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Consultant says city could fill second industrial park

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by Karen E. Culp

SBJ Staff

Springfield could fill a second industrial park like the Partnership Industrial Center, according to a study presented to the Springfield Business and Development Corporation by Economic Development Resources.

The consultant EDR was retained to study whether Springfield could support another industrial development like the Partnership Industrial Center, a private-public partnership that began as a concept in 1990. Development of the park actually started in 1993, said Karl Plumpe, associate general manager at City Utilities, which is a partner in the project.

Plumpe has been active in the marketing of the center and has watched it grow to hold 12 businesses. Six of those businesses were local companies who used the center to expand, and six were companies new to Springfield.

EDR's report focused on whether a new industrial park should be developed, and addressed the questions arising from the development of the first park, such as whether there should be a public-private partnership in Springfield for economic development and whether such a partnership should be the developer of an industrial park.

The report mainly focused on whether the community can attract new industrial firms and whether space is needed to house those new firms.

The report states that general market demand for additional industrial and manufacturing sites in the greater Springfield area "appears reasonably strong."

That assessment is based on "interviews with industrial and commercial real estate brokers ... (and) conversations with various elected and appointed municipal and county officials and discussions with businesspersons active in the market," the report said.

The strength of demand can also be attributed to the "history of absorption of developable property within the PIC," the report said.

About 100 acres of the center's total 310 acres remains to be developed, and "we are having conversations with enough interested companies to fill it," Plumpe said.

The park should be full within two to three years, he added.

"It has filled much more quickly than we anticipated it would. It has really become the kind of development we wanted for our area," Plumpe said.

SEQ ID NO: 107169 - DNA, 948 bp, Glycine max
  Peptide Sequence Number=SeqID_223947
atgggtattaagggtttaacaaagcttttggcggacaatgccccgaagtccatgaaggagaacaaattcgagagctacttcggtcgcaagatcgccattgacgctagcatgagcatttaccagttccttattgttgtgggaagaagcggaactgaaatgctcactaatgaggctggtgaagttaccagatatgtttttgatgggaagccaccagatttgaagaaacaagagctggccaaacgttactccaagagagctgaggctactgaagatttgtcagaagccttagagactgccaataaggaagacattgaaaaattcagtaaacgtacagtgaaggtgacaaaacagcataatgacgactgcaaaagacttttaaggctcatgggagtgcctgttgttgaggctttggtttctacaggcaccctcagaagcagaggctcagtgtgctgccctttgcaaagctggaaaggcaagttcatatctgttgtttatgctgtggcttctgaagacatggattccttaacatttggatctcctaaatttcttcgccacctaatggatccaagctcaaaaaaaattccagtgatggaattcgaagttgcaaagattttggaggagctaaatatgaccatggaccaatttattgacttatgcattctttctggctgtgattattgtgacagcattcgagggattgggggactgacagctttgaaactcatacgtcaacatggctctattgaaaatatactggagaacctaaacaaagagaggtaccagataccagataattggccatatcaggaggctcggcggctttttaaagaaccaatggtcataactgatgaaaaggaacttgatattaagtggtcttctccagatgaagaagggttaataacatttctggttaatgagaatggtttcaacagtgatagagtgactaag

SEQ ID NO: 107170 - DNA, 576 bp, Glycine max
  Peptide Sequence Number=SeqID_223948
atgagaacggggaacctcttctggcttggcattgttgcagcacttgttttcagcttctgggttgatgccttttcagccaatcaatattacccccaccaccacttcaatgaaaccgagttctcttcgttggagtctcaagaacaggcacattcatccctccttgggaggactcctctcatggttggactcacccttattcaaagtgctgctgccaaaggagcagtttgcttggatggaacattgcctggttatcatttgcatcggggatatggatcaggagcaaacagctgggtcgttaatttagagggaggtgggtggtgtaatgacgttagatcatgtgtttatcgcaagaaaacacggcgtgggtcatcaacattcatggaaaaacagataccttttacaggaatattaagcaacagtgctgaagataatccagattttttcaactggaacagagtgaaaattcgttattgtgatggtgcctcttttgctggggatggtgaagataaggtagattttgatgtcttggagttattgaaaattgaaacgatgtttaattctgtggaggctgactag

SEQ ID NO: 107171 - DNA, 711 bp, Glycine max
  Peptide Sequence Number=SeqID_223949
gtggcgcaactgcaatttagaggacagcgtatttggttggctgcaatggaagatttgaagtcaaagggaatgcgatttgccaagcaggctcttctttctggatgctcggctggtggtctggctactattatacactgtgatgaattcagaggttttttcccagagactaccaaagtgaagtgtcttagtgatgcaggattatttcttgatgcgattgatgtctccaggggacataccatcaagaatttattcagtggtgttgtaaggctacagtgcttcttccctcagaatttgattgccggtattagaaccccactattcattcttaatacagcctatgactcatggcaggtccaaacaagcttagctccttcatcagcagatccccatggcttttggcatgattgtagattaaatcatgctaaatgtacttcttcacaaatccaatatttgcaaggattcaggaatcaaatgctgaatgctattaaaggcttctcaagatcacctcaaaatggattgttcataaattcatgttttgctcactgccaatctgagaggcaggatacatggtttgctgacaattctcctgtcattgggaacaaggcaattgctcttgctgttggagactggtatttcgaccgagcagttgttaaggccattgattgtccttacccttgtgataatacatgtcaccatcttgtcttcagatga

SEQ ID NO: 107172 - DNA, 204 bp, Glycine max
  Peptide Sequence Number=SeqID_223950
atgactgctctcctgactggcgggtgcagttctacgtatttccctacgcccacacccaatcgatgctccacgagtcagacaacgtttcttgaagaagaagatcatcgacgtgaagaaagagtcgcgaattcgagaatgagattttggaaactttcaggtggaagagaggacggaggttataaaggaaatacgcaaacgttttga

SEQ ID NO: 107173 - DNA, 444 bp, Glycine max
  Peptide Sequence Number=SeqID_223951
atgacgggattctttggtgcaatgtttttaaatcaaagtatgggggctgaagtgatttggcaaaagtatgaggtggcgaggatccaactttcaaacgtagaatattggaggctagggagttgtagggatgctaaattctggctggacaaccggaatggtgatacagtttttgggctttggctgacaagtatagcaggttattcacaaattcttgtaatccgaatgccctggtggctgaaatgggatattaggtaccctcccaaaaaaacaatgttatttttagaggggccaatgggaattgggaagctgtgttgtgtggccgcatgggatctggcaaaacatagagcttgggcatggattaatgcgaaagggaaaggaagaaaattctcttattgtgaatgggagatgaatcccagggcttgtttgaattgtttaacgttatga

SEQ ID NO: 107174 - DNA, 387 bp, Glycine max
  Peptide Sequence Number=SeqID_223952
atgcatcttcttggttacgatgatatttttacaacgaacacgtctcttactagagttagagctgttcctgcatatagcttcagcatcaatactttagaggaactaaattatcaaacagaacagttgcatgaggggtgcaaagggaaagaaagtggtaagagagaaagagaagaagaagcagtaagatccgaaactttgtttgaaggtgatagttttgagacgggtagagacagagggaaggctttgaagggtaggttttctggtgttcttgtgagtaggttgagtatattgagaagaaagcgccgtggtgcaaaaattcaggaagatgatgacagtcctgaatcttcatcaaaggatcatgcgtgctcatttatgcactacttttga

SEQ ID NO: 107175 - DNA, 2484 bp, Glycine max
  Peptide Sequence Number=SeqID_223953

The report EDR prepared is a good "score card for the SBDC," Plumpe said, and shows that demand for a second park is strong. City Utilities bought the ground for the Partnership Industrial Center; the park has benefitted the utility by adding the large industrial users to its system that help it to run more efficiently, Plumpe said.

In order for another park to be developed, it is likely that a private developer would need to come forward to partner with the public entities to develop a new park, Plumpe said.

The first step for the Springfield Business and Development Corporation will be to "synthesize the findings of the report and make a recommendation of how we believe we should proceed," said Greg Williams, of the Springfield Area Chamber of Commerce.

"We will aggressively solicit private sector participation in another park," Williams added.

Frank Evans, president of Miller & Sanford and a member of the SBDC's board of directors, said he believes Springfield has the work force to support more industrial jobs.

"Anyone who is telling a community to not go out and seek high-skilled, high-paying jobs for its citizens is not looking at the bigger picture. People want an opportunity for better jobs; there's evidence of that everywhere. This is one way for us to see that those jobs are there," Evans said.

He added that the community "needs to be in a position to be ready to respond," when the Partnership Industrial Center fills in two or three years.

The EDR study also lists eight potential sites for a new park. Among them is the 639 acres the city owns at the Springfield-Branson Regional Airport, about 325 acres of which is now developed for industrial use as the Air Centre, an industrial park intended for aviation-related companies or companies who need to have access to the airport.

Though the site has been available for quite some time (its first tenant took residence 18 years ago), the park remains largely unfilled.

"I think more effort should be placed in the marketing of the Air Centre," said Rob Hancik, director of aviation for the airport.

The Air Centre site and adjacent acreage, a total of 639 city-owned acres, is one of the sites recommended by EDR as a potential spot for another industrial park similar to the Partnership Industrial Center.

The consultant ranked the area as

somewhat desirable, but cited the fact that the property is available for lease only, not for sale, and the restrictions on

building heights because of proximity to the airport as potential problems with the site.

EDR recommended seven other sites, also, and rated their desirability.

The sites include Mulroy Road and Kearney Street, highly desirable; U.S. 65 and Division Street, somewhat desirable; Interstate 44 and Neergard Road, somewhat desirable; U.S. 160 and I-44, somewhat desirable; Kearney Street and U.S. 160, somewhat desirable; I-44 and Chestnut Expressway, desirable; and the Southwest Power Plant, limited desirability.


In order for another park to be developed,

it is likely that a

private developer

would need to come forward to partner with the public entities.[[In-content Ad]]


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